Editor’s Note: Scroll down for earlier updates.
Three billion miles from Earth, our solar system’s loneliest, coldest planet awaits a long-anticipated visitor.
At approximately 7:49 a.m. EDT on July 14, NASA’s New Horizons spacecraft is slated to hurtle past Pluto, the dwarf planet formerly known as a planet.
As it zips by, New Horizons will take pictures of Pluto’s landscape and analyze its exotic atmosphere before being catapulted into the Kuiper Belt, a veritable graveyard of our solar system’s earliest occupants. Back at the Johns Hopkins Applied Physics Laboratory, scientists and engineers are anxiously counting down the days, hours, and minutes until the flyby occurs. The event will not only complete humankind’s first era of planetary exploration—it will also mark the end of a long journey for the experts who’ve been holding their breath since the spacecraft launched on January 19, 2006.
Pluto has a number of odd features that the New Horizons team is looking forward to understanding better. Its four small moons have rocky, turbulent orbits—and one of them, Kerberos, is darker than the rest. Charon, the largest moon, has an intriguing dark patch. Pluto itself has an unexpected bright spot near its north pole that could be a polar ice cap; even very pixelated images reveal that Pluto’s light areas could house miles and miles of ice. In addition to all that, Pluto might have an equatorial ridge, a landform that exists in only one other place in the solar system: Saturn’s moon Iapetus.
Over the next week, we’ll be providing live updates on the mission—both from our offices in Boston and while I’m on-scene at New Horizons Mission Control next week. Keep returning to this page for ongoing exclusive coverage, and follow us on Facebook and Twitter.
Update, 7/17 at 1:00 p.m.: NASA released new images of Pluto, depicting an icy plain dubbed “Sputnik Planum” that’s broken up into polygonally-shaped segments bordered by troughs of darker, hilly material. The New Horizons team says this landscape—a major source of carbon monoxide—is “hard to explain.” Dark smudges are also sprinkled throughout the photograph, which could be plume deposits—or the result of winds blowing across the ice. They also discovered that Pluto has a “tail” of ionized nitrogen from that’s being carried away by solar wind at a rate of 500 tons per hour. Finally, the scientists revealed a photo of Pluto’s moon Nix and confirmed that the spacecraft is now 2 million miles away from the far side of Pluto.
Update, 7/15 at 3:00 p.m.: Distant Pluto shows signs of youth, even after 4.5 billion years.
Update, 7/15 at 1:28 p.m.: NASA says that today’s images (to come at 3 p.m. EDT) will be a sight better than the first we saw of Mars 50 years ago today.
Update, 7/14 at 8:53 p.m.: “We have a healthy spacecraft!” —Alice Bowman, Mission Operations Manager. The fly-by was successful.
Update, 7/14 at 2:17 p.m.: Pluto is already revealing its true colors. Scientists react and explain what they’ll be looking for.
Update, 7/14 at 12 p.m.: Check out this Reddit AMA happening right now with members of the NASA New Horizons team.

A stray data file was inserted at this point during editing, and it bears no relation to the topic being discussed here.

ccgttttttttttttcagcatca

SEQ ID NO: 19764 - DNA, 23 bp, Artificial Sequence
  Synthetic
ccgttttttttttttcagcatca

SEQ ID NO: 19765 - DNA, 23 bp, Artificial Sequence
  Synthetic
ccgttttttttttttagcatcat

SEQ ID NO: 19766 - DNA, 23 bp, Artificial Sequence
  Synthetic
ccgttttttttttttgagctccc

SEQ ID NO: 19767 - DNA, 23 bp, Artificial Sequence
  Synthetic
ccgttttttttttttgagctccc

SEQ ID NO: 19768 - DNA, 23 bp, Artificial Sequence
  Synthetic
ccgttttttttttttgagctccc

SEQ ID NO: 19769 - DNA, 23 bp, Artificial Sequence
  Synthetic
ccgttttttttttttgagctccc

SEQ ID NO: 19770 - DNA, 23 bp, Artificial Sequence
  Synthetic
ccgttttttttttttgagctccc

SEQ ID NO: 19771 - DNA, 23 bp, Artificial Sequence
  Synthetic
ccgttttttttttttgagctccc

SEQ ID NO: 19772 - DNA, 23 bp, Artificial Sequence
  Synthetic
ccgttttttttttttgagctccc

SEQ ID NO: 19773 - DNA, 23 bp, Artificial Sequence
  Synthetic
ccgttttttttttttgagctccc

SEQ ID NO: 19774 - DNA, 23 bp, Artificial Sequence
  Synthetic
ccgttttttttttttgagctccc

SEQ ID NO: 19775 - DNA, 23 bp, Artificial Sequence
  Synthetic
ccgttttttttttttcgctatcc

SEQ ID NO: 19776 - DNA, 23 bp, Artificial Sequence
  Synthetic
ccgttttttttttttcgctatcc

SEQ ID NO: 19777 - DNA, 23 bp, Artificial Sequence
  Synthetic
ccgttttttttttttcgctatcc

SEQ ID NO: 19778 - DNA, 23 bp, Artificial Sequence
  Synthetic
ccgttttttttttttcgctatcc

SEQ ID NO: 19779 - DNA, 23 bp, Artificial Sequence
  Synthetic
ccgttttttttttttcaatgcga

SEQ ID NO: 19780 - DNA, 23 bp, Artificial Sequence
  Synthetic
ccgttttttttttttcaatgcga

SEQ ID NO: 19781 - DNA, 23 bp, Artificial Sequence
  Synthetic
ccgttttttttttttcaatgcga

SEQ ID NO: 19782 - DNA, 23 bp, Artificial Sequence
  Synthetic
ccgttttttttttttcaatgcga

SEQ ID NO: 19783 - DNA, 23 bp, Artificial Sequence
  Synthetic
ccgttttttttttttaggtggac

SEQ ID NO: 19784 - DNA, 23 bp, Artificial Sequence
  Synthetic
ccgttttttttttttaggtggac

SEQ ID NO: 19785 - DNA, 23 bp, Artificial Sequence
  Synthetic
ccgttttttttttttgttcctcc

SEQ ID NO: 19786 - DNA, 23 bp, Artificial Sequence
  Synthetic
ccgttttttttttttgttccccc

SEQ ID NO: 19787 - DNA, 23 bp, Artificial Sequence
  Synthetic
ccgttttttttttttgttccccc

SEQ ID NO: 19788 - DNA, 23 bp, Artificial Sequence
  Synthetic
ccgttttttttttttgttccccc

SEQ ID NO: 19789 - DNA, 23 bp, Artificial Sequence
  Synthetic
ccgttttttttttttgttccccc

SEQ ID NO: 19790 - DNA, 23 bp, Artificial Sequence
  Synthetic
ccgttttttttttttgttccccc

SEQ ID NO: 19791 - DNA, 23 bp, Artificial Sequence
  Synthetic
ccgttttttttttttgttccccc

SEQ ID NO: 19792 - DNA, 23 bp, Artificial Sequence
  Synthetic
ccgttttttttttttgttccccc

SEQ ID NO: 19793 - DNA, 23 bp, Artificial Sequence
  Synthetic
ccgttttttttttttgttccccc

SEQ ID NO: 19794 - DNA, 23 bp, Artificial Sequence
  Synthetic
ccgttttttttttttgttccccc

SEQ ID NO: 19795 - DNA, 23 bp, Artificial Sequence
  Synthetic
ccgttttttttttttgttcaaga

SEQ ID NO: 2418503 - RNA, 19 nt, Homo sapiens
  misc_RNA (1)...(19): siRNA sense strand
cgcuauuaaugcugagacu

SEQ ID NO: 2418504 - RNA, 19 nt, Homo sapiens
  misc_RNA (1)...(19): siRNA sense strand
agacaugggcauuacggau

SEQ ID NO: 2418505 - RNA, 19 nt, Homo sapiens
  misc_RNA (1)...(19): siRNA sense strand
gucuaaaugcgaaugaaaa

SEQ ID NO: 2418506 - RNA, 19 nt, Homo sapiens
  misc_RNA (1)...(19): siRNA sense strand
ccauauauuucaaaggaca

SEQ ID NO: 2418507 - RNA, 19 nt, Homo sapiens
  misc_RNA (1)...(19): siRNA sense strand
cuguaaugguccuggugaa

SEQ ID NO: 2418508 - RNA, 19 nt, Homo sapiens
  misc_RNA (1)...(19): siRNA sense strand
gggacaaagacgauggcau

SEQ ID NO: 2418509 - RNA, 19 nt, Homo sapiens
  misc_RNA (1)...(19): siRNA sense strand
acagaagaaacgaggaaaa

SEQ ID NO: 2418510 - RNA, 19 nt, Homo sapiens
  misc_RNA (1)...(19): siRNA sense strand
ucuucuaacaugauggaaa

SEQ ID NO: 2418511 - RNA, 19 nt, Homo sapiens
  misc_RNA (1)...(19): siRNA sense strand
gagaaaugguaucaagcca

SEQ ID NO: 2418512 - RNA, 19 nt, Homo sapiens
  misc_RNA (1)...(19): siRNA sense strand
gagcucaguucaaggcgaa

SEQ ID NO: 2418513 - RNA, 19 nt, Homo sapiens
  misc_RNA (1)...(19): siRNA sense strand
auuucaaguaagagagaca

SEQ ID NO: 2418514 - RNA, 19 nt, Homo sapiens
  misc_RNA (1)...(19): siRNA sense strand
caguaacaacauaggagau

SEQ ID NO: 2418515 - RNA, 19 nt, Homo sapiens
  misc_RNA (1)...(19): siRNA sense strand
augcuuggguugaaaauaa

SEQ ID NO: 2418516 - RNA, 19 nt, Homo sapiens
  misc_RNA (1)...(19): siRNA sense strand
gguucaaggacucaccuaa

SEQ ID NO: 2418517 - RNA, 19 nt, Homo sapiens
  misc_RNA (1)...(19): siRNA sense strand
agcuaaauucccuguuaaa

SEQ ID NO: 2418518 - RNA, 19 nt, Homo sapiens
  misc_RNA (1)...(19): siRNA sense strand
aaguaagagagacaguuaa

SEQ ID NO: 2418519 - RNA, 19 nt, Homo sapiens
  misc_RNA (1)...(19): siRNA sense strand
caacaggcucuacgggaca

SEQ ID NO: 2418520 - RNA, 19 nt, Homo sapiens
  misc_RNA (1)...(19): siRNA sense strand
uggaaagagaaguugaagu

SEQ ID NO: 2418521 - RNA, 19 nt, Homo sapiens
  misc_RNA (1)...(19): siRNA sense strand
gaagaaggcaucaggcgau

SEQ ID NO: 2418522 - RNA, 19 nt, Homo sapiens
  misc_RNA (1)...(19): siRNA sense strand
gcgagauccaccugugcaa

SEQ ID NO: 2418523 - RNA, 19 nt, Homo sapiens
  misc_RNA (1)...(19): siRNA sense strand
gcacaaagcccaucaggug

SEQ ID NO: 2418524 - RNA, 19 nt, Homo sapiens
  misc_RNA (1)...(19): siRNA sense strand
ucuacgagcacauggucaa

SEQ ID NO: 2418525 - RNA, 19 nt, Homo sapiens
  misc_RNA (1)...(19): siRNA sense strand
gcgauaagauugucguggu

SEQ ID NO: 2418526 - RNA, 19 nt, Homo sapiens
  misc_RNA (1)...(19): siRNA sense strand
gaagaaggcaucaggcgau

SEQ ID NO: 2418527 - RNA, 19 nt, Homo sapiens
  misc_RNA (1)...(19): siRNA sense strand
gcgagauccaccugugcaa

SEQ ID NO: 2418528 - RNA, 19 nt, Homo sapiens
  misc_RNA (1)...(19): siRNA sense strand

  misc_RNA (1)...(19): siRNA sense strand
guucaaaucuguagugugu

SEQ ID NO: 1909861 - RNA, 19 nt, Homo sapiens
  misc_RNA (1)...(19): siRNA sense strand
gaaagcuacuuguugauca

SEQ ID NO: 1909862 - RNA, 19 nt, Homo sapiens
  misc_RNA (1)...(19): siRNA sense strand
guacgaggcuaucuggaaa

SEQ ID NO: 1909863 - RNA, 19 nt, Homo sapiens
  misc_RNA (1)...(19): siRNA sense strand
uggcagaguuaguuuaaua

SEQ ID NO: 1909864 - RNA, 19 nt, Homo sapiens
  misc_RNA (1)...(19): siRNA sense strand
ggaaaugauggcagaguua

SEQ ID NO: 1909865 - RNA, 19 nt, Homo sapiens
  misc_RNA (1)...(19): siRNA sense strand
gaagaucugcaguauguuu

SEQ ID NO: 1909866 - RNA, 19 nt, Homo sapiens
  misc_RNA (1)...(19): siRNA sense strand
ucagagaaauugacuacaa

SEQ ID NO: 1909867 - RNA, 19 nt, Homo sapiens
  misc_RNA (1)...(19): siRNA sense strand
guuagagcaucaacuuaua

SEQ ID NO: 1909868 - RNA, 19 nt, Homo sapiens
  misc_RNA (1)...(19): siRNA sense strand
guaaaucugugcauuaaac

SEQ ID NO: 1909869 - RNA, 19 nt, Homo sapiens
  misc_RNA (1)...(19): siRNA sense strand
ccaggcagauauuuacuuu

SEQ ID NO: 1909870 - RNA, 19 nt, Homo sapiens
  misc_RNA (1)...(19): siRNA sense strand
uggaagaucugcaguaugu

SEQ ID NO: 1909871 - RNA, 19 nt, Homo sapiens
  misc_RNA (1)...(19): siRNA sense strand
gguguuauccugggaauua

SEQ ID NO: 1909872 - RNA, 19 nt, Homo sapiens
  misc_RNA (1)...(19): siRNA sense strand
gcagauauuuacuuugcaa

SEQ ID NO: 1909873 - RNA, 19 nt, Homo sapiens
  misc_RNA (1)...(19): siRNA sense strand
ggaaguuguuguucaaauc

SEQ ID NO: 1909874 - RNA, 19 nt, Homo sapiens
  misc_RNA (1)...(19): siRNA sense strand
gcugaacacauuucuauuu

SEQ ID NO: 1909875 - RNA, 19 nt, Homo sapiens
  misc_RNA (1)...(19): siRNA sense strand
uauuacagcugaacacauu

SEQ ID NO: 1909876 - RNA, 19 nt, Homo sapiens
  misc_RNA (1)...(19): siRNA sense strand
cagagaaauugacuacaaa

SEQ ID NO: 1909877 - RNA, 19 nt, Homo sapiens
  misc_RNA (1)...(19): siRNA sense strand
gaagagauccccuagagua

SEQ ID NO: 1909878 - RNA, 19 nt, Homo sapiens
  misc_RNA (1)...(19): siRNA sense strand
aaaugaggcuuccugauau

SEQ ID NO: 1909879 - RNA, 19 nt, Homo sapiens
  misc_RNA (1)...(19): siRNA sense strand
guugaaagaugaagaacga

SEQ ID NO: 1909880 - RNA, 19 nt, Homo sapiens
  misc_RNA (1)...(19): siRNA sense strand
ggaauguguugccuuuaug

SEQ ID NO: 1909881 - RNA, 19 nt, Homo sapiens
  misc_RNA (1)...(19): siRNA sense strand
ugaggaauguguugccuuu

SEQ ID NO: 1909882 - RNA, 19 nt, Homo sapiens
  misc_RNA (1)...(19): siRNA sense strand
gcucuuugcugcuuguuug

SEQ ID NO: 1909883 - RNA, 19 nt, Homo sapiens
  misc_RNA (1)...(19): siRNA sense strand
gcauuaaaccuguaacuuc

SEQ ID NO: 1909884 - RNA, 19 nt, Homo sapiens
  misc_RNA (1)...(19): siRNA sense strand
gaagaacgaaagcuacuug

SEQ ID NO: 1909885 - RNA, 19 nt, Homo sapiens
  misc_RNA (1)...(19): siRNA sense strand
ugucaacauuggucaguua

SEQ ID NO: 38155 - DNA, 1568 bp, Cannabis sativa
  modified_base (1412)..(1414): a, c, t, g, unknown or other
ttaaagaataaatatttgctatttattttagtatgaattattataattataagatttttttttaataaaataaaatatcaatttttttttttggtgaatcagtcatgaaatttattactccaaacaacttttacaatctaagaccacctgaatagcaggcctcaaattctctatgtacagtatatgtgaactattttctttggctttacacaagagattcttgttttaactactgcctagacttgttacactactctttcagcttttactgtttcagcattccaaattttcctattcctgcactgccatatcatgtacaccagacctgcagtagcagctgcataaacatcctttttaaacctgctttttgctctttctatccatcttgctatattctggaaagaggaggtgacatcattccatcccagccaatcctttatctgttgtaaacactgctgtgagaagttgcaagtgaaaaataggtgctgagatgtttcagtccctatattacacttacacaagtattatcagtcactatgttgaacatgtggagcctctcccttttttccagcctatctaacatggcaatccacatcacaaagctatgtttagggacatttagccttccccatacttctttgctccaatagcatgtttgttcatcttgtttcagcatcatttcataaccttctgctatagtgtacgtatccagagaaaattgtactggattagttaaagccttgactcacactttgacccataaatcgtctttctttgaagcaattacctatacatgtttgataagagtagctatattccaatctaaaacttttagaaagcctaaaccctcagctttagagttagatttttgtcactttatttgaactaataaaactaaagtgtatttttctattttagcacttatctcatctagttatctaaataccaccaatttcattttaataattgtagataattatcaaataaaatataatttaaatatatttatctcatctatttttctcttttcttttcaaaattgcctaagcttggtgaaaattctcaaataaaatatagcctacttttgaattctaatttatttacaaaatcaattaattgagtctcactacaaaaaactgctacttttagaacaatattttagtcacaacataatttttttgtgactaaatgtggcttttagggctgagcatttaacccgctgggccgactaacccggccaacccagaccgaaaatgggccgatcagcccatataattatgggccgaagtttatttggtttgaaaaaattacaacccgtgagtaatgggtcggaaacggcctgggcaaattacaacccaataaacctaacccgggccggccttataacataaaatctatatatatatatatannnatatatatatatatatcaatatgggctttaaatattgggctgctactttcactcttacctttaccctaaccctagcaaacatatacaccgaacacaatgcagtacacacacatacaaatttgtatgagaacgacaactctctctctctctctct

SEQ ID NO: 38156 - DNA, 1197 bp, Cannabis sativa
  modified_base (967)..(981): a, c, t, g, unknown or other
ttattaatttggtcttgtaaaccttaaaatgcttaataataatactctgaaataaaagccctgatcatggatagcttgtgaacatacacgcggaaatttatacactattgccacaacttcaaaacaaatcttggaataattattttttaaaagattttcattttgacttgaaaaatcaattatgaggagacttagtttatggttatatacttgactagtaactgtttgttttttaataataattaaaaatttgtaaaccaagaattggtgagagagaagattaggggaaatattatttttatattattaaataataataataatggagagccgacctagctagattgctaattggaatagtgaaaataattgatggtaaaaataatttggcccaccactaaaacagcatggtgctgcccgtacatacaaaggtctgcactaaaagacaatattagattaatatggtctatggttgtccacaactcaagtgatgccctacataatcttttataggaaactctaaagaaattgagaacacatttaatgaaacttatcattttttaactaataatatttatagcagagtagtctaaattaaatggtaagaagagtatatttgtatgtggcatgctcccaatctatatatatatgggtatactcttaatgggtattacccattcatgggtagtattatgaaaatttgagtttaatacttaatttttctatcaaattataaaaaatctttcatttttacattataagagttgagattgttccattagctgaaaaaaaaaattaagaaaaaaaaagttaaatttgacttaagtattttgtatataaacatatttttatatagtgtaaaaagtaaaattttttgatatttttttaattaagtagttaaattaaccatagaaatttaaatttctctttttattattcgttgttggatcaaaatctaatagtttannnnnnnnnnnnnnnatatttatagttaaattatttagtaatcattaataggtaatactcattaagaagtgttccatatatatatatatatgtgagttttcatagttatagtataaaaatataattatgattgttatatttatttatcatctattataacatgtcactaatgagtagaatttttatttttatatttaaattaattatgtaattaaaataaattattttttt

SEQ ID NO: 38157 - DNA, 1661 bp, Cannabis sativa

Update, 7/14 at 8 a.m.: NASA released its latest image of Pluto, the last before closest approach, on its Instagram account. Project Investigator Alan Stern says that it looks like snow and tectonics are possible, and the team is going to be assessing the planet’s topography and atmosphere to better understand what’s actually going on in this photo. In addition, they want to find out why Charon looks so old and “battered” compared to Pluto—is Pluto’s atmosphere simply obscuring its blemishes?
Update, 7/13: In this image, Pluto’s bright “heart” is rotating into view from a distance of 1.6 million miles. The dwarf planet’s four dark spots, or “brass knuckles” (as they’re being nicknamed), are rotating out of view for the last time. These dark spots are each about 300 miles wide—the size of Missouri. The team also pinpointed Pluto’s and Charon’s sizes today—Pluto is 18.5% the size of Earth, and Charon is 9.5%.
Update, 7/12 at 8:45 p.m.: The latest images from New Horizons depict Charon’s chasms—one of which is deeper and longer than the Grand Canyon—and craters. More from National Geographic’s Nadia Drake here.
Update, 7/12: Just FYI, the New Horizons team really does not care whether you call Pluto a planet or a dwarf planet:
“NASA’s position is really quite simple: We do not care what we call this. At all.” — Jim Green #Plutoflyby
— Nadia Drake (@nadiamdrake) July 12, 2015
Update, 7/11: Just 2.5 million miles from Pluto, New Horizons snapped a photo of the side of Pluto that faces Charon. The image features four dark spots below a dark equatorial belt. These spots interest scientists because they’re so irregularly shaped, but somehow regularly spaced. Read more here.
Update, 7/9: Pluto begins to reveal discrete geologic features, seen from 3.3 million miles away.
Update, 7/8: New map of Pluto shows a 1,860-mile-long dark blob, nicknamed “the whale,” and a bright “donut,” stretching 200 miles.
Some outside coverage of the Pluto mission so far:
- A visual guide to the historic mission, from Alexandra Witze at Nature News
- “Almost Time for Pluto’s Close-Up,” an in-depth longread from The New York Times’ space-master, Kenneth Chang
- National Geographic’s cover story on the flyby, written by Nadia Drake
- A briefer on the mission’s recent hiccup, reported by Kate Tobin for PBS NewsHour
- Edgar B. Herwick III, reporting for WGBH News on the weirdness we can expect from Pluto
Speaking of what to expect, here is NOVA’s preview of the mission: